The first storm to hit Subic this year hasn’t caused much trouble so far. Here in Baloy Beach there is some minor damage, and the beach is eroding quickly.
According to PAGASA, the weather bureau here in the Philippines, this first storm does not yet signal the end of summer and the start of the rainy season for Central Luzon. They say the official rainy season will probably start in the last half of May.
Blue Rock Floating Bar was washed ashore, suffering what appears to be some minor damage. Several banca boats were swamped. Johan’s dive resort was able to move all but one of their dive boats to the harbor at the old Subic Bay Naval Station, leaving one swamped in front of the resort and dive center. It’s floating upside down about 20 yards offshore. A speedboat owned by Dryden Group was also swamped. Employees are trying to get it out of the water now.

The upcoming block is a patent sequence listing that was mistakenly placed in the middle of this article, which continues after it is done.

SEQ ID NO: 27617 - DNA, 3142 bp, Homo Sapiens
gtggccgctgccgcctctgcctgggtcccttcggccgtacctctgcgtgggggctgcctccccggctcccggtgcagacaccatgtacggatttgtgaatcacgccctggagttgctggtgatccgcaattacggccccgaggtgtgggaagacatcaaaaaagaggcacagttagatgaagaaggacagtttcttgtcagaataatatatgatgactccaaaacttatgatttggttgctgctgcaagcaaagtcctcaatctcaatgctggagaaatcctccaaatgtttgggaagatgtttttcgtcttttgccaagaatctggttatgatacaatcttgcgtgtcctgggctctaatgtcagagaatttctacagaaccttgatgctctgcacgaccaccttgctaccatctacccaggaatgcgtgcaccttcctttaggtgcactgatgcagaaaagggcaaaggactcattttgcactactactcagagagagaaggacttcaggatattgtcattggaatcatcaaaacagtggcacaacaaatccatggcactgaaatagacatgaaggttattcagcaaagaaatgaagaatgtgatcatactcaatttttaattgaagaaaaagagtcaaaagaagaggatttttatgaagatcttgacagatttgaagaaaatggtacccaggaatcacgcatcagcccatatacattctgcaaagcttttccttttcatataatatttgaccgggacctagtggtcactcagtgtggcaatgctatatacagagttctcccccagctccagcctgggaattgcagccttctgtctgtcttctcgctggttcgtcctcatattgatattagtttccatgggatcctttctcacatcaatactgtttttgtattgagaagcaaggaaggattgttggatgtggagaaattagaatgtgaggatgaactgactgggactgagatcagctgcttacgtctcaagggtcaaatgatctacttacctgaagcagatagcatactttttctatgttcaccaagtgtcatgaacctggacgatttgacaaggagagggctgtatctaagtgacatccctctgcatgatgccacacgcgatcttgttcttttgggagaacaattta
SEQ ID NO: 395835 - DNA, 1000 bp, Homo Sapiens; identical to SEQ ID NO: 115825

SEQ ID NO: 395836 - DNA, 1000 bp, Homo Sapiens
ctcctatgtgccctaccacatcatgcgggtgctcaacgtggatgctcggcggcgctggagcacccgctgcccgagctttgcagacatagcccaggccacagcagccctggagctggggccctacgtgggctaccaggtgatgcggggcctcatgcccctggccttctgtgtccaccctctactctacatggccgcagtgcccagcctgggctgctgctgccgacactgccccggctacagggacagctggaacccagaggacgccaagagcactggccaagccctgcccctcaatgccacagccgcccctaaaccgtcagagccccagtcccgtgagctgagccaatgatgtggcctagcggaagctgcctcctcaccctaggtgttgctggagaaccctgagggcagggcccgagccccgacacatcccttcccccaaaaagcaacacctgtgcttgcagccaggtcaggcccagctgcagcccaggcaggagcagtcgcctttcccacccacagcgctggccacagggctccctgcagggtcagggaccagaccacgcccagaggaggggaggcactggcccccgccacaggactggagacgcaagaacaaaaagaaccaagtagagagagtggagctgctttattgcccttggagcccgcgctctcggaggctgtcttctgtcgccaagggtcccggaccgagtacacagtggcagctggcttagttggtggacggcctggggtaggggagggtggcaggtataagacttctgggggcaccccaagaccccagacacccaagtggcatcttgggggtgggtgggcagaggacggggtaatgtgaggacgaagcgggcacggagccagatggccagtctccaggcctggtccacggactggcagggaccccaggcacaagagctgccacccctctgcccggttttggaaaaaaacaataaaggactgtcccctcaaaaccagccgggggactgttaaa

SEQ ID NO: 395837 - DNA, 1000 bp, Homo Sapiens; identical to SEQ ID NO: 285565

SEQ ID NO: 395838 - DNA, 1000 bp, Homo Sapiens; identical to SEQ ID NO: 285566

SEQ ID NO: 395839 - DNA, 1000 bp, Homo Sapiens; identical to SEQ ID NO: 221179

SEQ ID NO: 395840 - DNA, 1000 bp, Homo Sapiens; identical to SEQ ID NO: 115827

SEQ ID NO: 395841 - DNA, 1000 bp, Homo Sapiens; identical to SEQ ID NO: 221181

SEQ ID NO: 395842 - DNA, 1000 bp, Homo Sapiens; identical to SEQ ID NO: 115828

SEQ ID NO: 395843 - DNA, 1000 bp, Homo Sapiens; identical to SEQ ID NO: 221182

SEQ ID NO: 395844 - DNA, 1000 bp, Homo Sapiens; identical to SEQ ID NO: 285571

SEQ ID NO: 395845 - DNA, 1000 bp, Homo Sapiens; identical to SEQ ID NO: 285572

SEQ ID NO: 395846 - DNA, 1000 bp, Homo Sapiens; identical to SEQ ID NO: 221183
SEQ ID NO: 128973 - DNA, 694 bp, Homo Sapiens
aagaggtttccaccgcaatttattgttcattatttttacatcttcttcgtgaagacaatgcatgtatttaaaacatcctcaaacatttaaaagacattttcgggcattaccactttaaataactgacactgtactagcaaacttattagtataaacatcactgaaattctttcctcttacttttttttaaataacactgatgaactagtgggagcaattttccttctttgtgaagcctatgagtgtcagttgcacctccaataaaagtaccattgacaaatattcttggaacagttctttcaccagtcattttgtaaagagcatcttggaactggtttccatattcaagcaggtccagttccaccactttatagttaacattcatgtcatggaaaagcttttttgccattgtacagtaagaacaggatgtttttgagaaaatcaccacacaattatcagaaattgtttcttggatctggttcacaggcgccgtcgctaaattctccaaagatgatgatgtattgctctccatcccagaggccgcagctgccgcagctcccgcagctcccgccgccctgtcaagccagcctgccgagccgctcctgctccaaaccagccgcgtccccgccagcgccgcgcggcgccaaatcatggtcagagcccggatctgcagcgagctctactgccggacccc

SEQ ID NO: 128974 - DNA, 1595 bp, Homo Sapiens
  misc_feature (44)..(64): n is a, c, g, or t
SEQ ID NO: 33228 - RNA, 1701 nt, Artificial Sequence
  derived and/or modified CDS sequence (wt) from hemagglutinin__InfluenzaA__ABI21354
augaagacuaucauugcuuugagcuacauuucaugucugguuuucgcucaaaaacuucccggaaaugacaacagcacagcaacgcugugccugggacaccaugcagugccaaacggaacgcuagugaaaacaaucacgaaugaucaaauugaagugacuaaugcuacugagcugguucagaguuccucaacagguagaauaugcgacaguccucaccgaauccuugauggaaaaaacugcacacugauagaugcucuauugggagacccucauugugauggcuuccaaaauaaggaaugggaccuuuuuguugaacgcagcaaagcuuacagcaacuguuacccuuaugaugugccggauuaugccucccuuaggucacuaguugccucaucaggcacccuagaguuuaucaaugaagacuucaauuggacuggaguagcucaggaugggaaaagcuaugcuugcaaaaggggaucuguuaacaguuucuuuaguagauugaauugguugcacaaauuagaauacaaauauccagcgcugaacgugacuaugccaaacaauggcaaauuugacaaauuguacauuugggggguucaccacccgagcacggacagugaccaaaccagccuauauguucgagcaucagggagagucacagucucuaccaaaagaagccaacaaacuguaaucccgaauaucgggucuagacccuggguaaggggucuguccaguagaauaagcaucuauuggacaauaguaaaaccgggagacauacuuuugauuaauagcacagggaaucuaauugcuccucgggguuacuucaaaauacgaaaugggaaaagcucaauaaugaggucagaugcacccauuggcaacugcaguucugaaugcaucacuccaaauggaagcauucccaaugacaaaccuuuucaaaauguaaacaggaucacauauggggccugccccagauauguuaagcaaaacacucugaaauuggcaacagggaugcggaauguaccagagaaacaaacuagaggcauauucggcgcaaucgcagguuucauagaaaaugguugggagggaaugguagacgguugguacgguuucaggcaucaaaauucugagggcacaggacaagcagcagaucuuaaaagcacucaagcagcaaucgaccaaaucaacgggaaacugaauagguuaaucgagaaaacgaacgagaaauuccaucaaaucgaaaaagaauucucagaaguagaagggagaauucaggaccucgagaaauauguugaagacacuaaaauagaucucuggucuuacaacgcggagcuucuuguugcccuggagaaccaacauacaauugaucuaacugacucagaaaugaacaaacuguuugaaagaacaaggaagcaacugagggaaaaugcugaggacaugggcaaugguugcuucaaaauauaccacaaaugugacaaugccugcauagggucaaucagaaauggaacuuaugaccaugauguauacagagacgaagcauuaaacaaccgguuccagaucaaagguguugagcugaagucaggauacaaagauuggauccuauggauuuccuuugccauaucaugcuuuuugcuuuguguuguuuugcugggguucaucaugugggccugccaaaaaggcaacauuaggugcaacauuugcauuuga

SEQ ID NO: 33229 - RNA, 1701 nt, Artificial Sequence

What struck me as the worst part of the storm damage is the erosion of the beach here at Baloy. See the pictures below. In some spots, like down by Blue Rock Resort, the beach is roughly half the depth it was yesterday. Further up towards Treasure Island, where most of the Nipa Huts are located, right by the two lifeguard towers, the beach is nearly gone.
Here are some photos and videos I took this morning along Baloy Beach in Barrio Barretto, Olongapo:
A man tries to salvage whatever he can from his swamped banca boat, in front of Blue Rock Resort:
Blue Rock Floating Bar and Banca Boats Swamped:
Trying to recover a speedboat in front of Treasure Island Resort:
Blue Rock Floating Bar Washed Ashore:
Damage to the Comfort Room (CR) on the Blue Rock Floating Bar:
Recovering Dryden Group’s Speedboat in front of Treasure Island Resort:
One of Johan’s Dive Resort’s Dive Boats is Swamped:
Baloy Beach is eroded all the way up to the Nipa Huts just past Wild Orchid Resort’s Beach Rooms: